ABA: writing down allowances
Agricultural buildings allowance was phased out by FA2008.
There is no ABA for the financial year beginning 1 April 2011 / tax year 2011/12 onwards.
CAA01/S372 - S379
CAA01/S372 - S379, FA08/S82
Writing down allowances on an agricultural building are given during a writing down period of 25 years. They may not be given after the end of that period even if there is still some expenditure which has not been written off. The person who has the relevant interest in the related agricultural land may claim the WDA.
System before FA 2008
The annual rate of writing down allowance is 4% of the qualifying expenditure for the person who constructed the building or bought it unused. If the chargeable period is more or less than a year, the writing down allowance is proportionately increased or reduced. For example, if the chargeable period is 9 months the allowance is 9/12th.
The writing down allowance need not be claimed or a reduced amount may be claimed. If the allowance is not claimed in full or it is not claimed and there is no subsequent transfer of the relevant interest the qualifying expenditure will never be fully written off because ABA can only be made during the 25-year writing down period. However following the Finance Act 2008 changes it is unlikely that businesses will not claim ABA or claim ABA in reduced amounts.
Where the person who incurred the construction expenditure claims ABA, the writing down period is the 25-year period that begins on the first day of the chargeable period in which the construction expenditure was incurred.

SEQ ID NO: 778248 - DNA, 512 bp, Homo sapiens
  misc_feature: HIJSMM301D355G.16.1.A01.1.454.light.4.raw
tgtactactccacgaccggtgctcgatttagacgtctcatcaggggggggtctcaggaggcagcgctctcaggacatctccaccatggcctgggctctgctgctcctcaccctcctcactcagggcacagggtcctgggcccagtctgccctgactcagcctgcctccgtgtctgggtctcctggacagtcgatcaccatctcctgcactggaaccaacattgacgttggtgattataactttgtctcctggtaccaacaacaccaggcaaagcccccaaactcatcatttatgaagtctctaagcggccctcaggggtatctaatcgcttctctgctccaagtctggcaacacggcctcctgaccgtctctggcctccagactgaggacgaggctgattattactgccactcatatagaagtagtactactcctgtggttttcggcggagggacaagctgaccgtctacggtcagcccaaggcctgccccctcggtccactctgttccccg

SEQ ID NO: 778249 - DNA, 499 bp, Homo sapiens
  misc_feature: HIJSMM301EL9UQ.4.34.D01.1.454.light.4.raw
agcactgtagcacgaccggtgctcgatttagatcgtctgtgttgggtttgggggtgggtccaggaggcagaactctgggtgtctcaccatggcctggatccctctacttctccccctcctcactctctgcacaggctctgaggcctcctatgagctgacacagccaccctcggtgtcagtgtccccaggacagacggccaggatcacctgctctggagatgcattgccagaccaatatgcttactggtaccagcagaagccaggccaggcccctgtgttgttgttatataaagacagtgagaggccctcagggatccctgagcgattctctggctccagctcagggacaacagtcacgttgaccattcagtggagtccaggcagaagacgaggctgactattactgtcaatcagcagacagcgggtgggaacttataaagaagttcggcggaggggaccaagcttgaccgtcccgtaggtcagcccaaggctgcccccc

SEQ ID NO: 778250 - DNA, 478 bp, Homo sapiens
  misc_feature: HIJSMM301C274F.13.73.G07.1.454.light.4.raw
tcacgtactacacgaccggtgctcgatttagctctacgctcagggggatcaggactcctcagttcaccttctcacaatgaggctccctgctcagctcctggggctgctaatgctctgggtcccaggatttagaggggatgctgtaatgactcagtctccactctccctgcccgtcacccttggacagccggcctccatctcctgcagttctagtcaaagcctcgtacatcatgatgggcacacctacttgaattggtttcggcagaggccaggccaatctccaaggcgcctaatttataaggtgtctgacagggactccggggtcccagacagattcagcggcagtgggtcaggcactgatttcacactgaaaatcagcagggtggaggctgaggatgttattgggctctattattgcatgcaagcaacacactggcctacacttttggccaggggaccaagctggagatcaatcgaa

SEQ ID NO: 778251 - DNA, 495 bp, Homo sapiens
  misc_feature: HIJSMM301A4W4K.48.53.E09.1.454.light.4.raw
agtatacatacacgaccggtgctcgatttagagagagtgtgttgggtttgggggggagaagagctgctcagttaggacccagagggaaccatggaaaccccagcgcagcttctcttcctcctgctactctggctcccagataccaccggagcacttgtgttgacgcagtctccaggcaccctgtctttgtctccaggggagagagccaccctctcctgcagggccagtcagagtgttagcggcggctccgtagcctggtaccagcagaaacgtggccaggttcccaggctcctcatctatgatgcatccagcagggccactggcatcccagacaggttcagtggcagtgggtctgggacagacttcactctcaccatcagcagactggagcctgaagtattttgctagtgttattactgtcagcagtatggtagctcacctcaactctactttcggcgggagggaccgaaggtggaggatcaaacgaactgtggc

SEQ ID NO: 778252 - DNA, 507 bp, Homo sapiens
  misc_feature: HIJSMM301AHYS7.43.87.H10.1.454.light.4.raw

Where a person who bought the agricultural building unused claims ABA the writing down period is the 25-year period that begins on the first day of the chargeable period in which the person bought the building.
Once the building has been brought into use for the purposes of husbandry ABA continues until the end of the writing down period whatever the building is used for in later years.
Example: John is a farmer. He builds a cottage for his cowman. The cowman moves into the cottage so the first use is for the purposes of husbandry and ABA is due. The cowman decides to move into the village and John begins to use the cottage for holiday lettings. The cottage qualifies for ABA while John is using it for holiday lettings because its first use was for the purposes of husbandry.
If writing down allowances are made before the agricultural building is brought into use, they are withdrawn if:
- the person who claimed them sells the relevant interest before the building is brought into use, or
- the first use of the building is not for the purposes of husbandry.
The annual writing down allowance for a chargeable period after one in which there has been a balancing event CA41200 is calculated like this. Work out the length of the period from the balancing event to the end of the writing down period. Divide the residue of qualifying expenditure CA41300 immediately after the balancing event by the length of the period to get the annual writing down allowance.
Example: Paul is a farmer. He builds a cottage for £100,000 and claims ABA. Paul’s annual WDA is £4,000 (= £100,000 / 25). He claims WDA each year. After 15 years when the residue of expenditure is £40,000 he sells the farm to Harry. The part of the sale price that relates to the cottage is £30,000. Paul and Harry make an election to treat the sale as a balancing event. After the balancing event the residue of expenditure in relation to the cottage is £30,000. The period from the balancing event to the end of the writing down period is 10 years. Harry’s annual writing down allowance is £3,000 (= £30,000 / 10).